MIDDLE ISLAND NATIVES.
THE LAND COURT.
To the Native mind the interest of years centres towards the sittings of the Land Courts. Whether it is due to " earth hunger," or whether it arises from a covetous desire for other men's goods, or that, in its proceedings, there is a source of entertainment to the mind, we do not know. But, directly a Land Court Is expected, the Native mind becomes excited, and the whole bapus collect to the centre in which the sittings are held to sit for days watching the proceedings. From days historical the Maoris have been remarkable for their order and obedience to the Courts, and, over tbe most exciting matters, are willing to talk it out. For days the hapus have been centring towards Tuahiwi (Kaiapoi), the head quarters of the Ngaitahu, aud yesterday a further influx was anticipated from the Wast Coast.
Tuahiwl nowadays boasts a neat village of Maori residences. The old whares have long been a thing of the past, iv their places being erected substantial cottages with gardens in front and fenced enclosures. The country around, which was a dense native forest, at present does not bear the resemblance of ever having been otherwise than an open plain. In the village is a neat school and church, as woll as an assembly hall, the latter used far the meetings of Runanga, capable of holding about 200 persons. In front of the hall stands the flag-pole of the township, from which when tbe Court sits is spread the New Zealand nag, with the name of the tribe in white letters upon It. The Court has been well arranged and ordered. Upon the platform is placed two tables, covered respectively with green and red cloths. At the former presides the Judge, Colonel Trimble, who rules his Court in a firm and "matter of fact way. At the other table sits the Native Assessor. Pirimi Mataiawbea, a North Island Native, of good proportion and seeming intelligence. On the > proscenium over the stage the Royal Arms of Great Britain and the Prince of Wales Feathers probably prove the fealty of the Maoris towards the Crown of Victoria, On the stage are piles of records in blue and white foolscap sheets, with the accustomed bands of red tape to prove their official nature. On the floor below the Judge is placed the Registrar, Mr S. C. 6. Vickera, and at his elbow Mr R. Booth, the Maori interpreter, seated at a table, to which the applicants draw near and spread their documents as the cases are called. In the body of the Coutt are arranged seats with comfortable backs, and yesterday were present not only a large number of men, but Maori ladies, some in the latest fashion', and some in very old examples of dress; with them they bring their babies and children. Whilst a case is being called the Natives break forth into talking, but directly a case begins all is hushed in expectation, and the deepest interest is evinced in every word as it goes from the witness to the interpreter and thence to the judge, or vice versa. The roof of the hall bears evidence of a recent convivial party, in the evergreens and strings of colored paper which remain. The place Is, however, a very convenient one for the Court, and, as one of the Natives observed In conversation, It is away from a public-house. Thus a South Island Land Court Is a teetotal affair; not that even in the North Island drinking goes on In the Court,' but outside—tell it not in Gath the scenes which are there enacted.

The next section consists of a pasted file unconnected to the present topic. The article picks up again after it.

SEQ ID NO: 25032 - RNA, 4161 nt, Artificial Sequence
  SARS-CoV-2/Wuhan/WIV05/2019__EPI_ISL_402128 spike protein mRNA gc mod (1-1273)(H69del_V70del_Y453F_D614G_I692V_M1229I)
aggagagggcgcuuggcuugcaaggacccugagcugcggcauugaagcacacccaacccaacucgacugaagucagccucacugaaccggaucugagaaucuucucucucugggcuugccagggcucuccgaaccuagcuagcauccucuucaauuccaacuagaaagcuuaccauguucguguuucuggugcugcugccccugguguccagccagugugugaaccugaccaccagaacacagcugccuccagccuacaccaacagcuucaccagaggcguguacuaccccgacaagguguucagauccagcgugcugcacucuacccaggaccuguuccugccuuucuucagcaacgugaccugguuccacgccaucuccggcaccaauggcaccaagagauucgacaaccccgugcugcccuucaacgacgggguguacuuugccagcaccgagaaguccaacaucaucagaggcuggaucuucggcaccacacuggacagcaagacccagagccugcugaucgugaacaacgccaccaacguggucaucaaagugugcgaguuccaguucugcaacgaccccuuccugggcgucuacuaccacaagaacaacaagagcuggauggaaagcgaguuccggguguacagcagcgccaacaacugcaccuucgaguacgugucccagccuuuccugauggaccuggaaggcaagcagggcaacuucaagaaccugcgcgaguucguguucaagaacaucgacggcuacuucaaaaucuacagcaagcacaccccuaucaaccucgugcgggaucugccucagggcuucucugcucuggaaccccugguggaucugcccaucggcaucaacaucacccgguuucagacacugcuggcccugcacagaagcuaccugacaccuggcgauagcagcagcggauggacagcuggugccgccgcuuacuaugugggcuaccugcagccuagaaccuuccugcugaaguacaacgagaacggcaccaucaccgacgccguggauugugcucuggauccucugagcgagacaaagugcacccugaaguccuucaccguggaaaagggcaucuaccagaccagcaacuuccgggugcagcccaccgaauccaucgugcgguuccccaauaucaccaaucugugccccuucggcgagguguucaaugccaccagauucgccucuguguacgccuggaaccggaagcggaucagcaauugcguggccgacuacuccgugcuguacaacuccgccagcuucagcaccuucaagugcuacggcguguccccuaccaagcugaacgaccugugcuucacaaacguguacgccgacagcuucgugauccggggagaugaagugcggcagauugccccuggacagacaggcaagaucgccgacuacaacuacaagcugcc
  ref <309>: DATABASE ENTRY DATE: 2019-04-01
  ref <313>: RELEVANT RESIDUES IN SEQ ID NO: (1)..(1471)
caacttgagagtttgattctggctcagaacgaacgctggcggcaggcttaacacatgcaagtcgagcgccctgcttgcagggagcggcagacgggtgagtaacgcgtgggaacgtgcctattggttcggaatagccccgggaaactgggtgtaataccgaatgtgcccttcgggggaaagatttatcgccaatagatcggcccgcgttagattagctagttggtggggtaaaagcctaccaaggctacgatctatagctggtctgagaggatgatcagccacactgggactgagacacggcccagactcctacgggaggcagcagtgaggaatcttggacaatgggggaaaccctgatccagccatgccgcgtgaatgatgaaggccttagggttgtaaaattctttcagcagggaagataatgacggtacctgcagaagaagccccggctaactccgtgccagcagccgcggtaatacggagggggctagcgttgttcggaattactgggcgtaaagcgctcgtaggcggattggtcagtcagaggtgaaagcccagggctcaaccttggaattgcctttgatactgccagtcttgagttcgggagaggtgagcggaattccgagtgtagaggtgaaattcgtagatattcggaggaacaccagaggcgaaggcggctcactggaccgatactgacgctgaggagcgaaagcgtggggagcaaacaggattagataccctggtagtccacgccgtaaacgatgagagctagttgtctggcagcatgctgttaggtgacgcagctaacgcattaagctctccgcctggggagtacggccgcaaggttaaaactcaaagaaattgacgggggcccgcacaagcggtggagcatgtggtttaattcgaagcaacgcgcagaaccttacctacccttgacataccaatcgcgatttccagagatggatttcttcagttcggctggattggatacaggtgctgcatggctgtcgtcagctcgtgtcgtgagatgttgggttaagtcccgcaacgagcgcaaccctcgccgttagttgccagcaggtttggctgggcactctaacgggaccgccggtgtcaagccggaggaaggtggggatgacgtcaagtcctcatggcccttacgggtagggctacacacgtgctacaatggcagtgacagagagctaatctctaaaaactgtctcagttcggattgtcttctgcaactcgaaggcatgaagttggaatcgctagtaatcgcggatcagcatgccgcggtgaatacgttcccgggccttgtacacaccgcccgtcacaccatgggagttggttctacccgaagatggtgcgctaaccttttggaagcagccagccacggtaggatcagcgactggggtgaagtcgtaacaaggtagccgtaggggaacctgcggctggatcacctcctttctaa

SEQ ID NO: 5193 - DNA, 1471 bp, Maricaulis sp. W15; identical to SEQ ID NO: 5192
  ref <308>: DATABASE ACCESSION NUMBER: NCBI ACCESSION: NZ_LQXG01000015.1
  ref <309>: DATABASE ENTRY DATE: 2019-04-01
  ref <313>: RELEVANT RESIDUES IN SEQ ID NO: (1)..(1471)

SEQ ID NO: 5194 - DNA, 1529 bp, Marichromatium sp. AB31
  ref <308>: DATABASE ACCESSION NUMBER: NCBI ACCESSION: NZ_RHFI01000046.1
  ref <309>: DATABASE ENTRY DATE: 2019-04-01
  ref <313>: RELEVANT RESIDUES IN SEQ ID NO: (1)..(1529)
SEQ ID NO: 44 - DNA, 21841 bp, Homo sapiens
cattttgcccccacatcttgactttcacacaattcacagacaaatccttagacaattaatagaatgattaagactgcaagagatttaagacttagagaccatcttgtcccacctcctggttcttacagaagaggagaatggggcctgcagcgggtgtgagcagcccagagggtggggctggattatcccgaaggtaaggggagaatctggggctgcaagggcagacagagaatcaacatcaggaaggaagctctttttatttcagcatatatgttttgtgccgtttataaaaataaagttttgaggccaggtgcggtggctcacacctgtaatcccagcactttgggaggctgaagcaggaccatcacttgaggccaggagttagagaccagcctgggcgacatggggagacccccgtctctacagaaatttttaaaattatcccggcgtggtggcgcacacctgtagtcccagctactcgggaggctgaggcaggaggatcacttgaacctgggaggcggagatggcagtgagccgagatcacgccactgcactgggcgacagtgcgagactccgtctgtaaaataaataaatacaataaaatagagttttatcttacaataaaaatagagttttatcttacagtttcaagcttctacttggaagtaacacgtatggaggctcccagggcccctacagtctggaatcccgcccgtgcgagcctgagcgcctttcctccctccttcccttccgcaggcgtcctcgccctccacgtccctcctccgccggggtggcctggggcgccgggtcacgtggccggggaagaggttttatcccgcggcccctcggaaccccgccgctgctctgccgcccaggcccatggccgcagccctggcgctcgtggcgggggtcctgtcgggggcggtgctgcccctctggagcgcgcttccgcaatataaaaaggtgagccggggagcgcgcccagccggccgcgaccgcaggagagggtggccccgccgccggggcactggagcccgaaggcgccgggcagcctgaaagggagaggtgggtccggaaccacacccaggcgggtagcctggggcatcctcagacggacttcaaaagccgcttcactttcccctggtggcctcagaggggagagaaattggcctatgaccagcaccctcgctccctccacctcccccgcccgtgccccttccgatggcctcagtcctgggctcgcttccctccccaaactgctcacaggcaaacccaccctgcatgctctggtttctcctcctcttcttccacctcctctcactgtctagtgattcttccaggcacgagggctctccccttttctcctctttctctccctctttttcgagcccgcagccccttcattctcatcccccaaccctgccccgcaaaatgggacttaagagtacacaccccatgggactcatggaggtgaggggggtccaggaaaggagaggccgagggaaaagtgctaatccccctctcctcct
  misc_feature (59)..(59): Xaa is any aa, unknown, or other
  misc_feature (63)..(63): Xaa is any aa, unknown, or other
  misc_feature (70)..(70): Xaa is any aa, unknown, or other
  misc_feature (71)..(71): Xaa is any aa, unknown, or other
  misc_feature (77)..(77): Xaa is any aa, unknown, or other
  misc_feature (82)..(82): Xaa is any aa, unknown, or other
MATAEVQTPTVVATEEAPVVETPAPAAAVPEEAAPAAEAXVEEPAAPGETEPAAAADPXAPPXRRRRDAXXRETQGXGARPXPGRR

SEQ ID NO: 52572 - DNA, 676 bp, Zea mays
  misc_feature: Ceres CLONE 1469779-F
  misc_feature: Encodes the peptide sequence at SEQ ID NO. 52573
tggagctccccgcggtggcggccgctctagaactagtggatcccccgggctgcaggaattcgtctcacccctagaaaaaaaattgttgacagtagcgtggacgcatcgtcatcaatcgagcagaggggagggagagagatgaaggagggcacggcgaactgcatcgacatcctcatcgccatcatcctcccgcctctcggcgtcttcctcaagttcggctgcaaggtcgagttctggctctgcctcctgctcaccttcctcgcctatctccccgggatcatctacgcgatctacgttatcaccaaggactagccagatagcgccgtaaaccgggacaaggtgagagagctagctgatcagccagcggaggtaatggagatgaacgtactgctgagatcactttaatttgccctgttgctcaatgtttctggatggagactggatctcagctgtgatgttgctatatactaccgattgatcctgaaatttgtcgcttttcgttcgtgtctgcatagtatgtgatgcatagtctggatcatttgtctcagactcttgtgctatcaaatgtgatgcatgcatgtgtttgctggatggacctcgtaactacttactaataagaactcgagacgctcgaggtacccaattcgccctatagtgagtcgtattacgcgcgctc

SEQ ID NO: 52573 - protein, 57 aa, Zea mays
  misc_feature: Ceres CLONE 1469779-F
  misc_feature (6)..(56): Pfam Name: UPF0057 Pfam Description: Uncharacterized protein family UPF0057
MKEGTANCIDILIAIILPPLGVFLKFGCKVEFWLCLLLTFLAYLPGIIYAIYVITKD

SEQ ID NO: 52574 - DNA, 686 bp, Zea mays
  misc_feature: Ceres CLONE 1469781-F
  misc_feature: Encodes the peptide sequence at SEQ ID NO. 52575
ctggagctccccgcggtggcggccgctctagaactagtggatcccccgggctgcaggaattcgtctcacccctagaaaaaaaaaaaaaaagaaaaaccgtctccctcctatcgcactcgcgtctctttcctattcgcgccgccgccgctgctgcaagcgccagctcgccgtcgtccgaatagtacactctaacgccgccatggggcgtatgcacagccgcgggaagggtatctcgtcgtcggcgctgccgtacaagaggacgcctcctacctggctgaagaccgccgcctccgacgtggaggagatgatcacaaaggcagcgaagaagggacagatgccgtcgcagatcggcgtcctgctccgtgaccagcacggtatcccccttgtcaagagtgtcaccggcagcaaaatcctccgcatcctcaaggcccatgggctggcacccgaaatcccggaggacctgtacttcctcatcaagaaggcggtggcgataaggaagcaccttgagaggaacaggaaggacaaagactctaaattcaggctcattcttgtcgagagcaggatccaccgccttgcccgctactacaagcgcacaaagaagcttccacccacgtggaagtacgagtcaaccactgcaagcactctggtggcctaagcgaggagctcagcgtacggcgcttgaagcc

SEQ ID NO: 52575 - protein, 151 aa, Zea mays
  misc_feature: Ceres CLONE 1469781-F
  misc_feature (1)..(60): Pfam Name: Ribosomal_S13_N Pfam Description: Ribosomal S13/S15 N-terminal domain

If the claims, which now number 255, are as speedily determined as the thirty claims of Bey. G. P. Mutu were, the Court will not hold a very long session. An Interesting succession claim, it will have been observed, was decided on Wednesday, and there will be others like it in which there is no opposition to the claimant who produces and proves in presence of this Court the existence of his genealogical tree. Few of the Natives are unable to do this sufficiently accurately to convince the Judge of the righteous nature of their claims. Each person sworn is charged 2s, and in the ease referred to for award of seven acres the fee was only Ss. When the process is so economical and easy it is not to be wondered at that tbe Maoris are anxious to avoid bringing their will cases into the Supreme Court, but desire the Land Court Judges should continue to deal with them. It may be stated, in conclusion, that the list of cases are printed and handed round to all and sundry within the precincts of the building, and probably will be treasured for years to come. '
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MIDDLE ISLAND NATIVES., Press, Volume XLVII, Issue 7631, 15 August 1890
MIDDLE ISLAND NATIVES. Press, Volume XLVII, Issue 7631, 15 August 1890
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